Federal court holds pollution exclusion does not apply to injuries caused by direct, personal exposures

October 11th, 2020 By Jeffrey C. Glass

In Canal Indemnity Company v. CalJet II, 4:2019cv02945  (opinion available on PACER), a Texas federal judge recently held pollution exclusions did not bar coverage for a suit involving a truck driver who allegedly died from cancer caused by exposure to the carcinogen benzene in gasoline, a cargo the driver loaded and unloaded. Although Texas courts have previously held that pollution exclusions are not limited to typical cases of environmental pollution, U.S. District Judge Alfred H. Bennett of the Southern District of Texas in Houston, held that such exclusions do not apply to injuries incurred by direct, personal exposure – such as inhalation and absorption through the skin – rather than movement from place to place.

Elwyn Webb was employed for over 30 years as a “gasoline truck driver” for freight carriers, including Coastal Transportation Co. His work entailed loading and unloading gasoline at facilities operated by ConocoPhillips Co. (“Conoco”) and others. He was allegedly exposed to benzene by inhalation and dermal absorption and contracted blood and bone marrow cancer as a result of those exposures. He died in 2016 and his son and estate sued, alleging, among other things, that Conoco and the other defendants failed to warn Webb despite the fact that they knew of the risks of handling the benzene-laden gasoline.

Canal Indemnity Company had issued to Coastal various auto liability and CGL policies for the relevant periods, which contained additional insured endorsements and standard pollution exclusions. Coastal had motor carrier service agreements with Conoco requiring the former to list the latter as an additional insured on the Coastal policies.  for any bodily injury or property damage claims attributable to the “discharge, dispersal, seepage, migration, release or escape” of pollutants.

Phillips demanded a defense to the suit from Coastal and its insurers, and Canal ultimately agreed to defend under reservation of rights.  Phillips ultimately settled with Webb’s son and estate for an undisclosed sum. Canal then filed this coverage suit seeking declarations that it had no duty to defend Phillips and certain co-defendants in the Webb suit.  In the coverage suit, Canal asserted Conoco and the other underlying defendants were not additional insureds under the Coastal policies, but the Court rejected those arguments and turned to the pollution exclusions.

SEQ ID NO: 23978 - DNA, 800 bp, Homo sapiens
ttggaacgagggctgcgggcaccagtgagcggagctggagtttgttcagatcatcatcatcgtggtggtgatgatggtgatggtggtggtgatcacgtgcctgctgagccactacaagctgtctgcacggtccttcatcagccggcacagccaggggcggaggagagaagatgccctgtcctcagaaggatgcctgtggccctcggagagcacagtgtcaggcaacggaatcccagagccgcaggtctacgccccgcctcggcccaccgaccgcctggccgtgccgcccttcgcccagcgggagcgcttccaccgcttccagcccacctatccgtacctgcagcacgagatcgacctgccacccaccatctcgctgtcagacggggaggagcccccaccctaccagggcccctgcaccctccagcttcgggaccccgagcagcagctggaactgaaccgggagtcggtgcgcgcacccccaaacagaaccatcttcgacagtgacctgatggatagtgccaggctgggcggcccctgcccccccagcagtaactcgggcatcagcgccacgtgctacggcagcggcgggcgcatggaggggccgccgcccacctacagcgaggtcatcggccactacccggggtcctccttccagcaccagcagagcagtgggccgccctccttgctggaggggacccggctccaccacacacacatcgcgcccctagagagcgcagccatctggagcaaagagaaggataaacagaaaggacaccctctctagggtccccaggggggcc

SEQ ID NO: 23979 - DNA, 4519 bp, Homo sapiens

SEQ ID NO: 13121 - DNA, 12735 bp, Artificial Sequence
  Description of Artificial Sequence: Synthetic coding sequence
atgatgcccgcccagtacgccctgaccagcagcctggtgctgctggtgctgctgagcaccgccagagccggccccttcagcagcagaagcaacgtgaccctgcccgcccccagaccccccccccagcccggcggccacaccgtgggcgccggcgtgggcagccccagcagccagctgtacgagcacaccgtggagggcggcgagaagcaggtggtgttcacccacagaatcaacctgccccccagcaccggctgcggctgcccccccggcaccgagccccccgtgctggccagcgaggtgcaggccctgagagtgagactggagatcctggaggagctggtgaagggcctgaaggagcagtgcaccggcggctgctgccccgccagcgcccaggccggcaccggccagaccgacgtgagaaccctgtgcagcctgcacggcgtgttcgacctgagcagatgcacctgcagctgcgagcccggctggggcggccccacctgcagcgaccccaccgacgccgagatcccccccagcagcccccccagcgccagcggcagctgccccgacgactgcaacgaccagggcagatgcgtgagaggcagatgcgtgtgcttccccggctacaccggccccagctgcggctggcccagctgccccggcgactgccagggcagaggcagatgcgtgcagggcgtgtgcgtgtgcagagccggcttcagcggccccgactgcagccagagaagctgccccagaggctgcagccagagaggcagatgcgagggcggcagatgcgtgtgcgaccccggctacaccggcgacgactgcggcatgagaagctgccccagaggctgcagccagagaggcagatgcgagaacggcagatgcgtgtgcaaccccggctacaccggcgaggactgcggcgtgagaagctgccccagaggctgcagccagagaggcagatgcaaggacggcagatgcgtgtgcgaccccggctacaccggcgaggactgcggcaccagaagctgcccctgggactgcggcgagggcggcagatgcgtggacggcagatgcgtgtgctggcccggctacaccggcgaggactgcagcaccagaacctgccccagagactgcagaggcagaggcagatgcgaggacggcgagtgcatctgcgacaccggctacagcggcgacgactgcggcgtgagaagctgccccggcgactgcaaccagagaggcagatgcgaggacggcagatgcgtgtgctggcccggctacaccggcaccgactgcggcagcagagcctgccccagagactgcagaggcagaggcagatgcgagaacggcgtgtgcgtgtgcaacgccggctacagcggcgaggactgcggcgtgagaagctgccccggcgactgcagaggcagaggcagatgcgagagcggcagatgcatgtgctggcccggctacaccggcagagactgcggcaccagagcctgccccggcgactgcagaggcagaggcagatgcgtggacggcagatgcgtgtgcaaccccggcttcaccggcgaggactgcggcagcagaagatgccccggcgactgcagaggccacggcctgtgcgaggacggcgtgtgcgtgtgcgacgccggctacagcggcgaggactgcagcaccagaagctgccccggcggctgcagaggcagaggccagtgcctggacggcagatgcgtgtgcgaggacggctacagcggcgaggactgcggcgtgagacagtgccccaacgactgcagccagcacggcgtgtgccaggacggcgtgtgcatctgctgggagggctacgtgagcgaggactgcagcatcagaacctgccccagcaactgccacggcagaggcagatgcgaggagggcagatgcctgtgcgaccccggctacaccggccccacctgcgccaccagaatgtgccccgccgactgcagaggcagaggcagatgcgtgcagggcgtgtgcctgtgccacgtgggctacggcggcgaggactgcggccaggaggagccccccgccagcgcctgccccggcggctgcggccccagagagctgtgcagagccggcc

Canal argued benzene is a pollutant and contended coverage for the underlying suit was precluded by the pollution exclusions in the policies. The Court treated the pollution exclusions in the auto and CGL polices together due to the similarities in their terminology – those in the auto policies excluded coverage for bodily injury arising out of the “discharge, dispersal, release or escape” of pollutants and the CGL policies excluded coverage for injury “which would not have occurred in whole or in part but for the actual, alleged, or threatened discharge, dispersal, seepage, migration, release or escape of pollutants.” The court held the underlying claims were not within the exclusions because Webb was allegedly exposed to benzene via the inhalation of fumes and absorption through the skin. Thus, Webb’s exposure to the toxin was direct and did not involve the movement of a pollutant from one location to another, as required by the exclusion:

In other words, even if the court were to assume that benzene is a pollutant in this situation, the bodily injury was allegedly caused by direct exposure to gasoline, not by the ‘discharge, dispersal, seepage, migration, release or escape’ of benzene – as required by the Pollution Exclusions.Order at 12.  The Court granted summary judgment for Phillips on breach of the duty to defend as well as on the prompt payment claims.

The Court distinguished several key Texas pollution cases on grounds that they all involved “alleged movement of a pollutant.” Order at 11. Included among those cases were two that involved similar direct, personal exposure injuries, but the court did not explain the distinction or its narrow interpretation of dispersal. Id. (citing Nautilus Ins. Co. v. Country Oaks Apartments, Ltd., 566 F.3d 452, 453 (5th Cir. 2009) (underlying complaint alleged that carbon monoxide gas dispersed into an apartment, causing injury); United Nat. Ins. Co. v. Hydro Tank, Inc., 525 F.3d 400, 401 (5th Cir. 2008) (underlying complaint alleged that toxic levels of hydrogen sulfide gas or other chemicals and vapors spread throughout a tank, causing injury after direct exposure)). Arguably, the gasoline fumes had to disperse through the air in order for Webb to inhale them and the fuel itself had to “seep” or “escape” from pumping equipment in order to contact Webb’s skin. Nautilus  and Hydro Tank were both decided by the Fifth Circuit, so please continue to watch this space for an update on how the appellate court responds.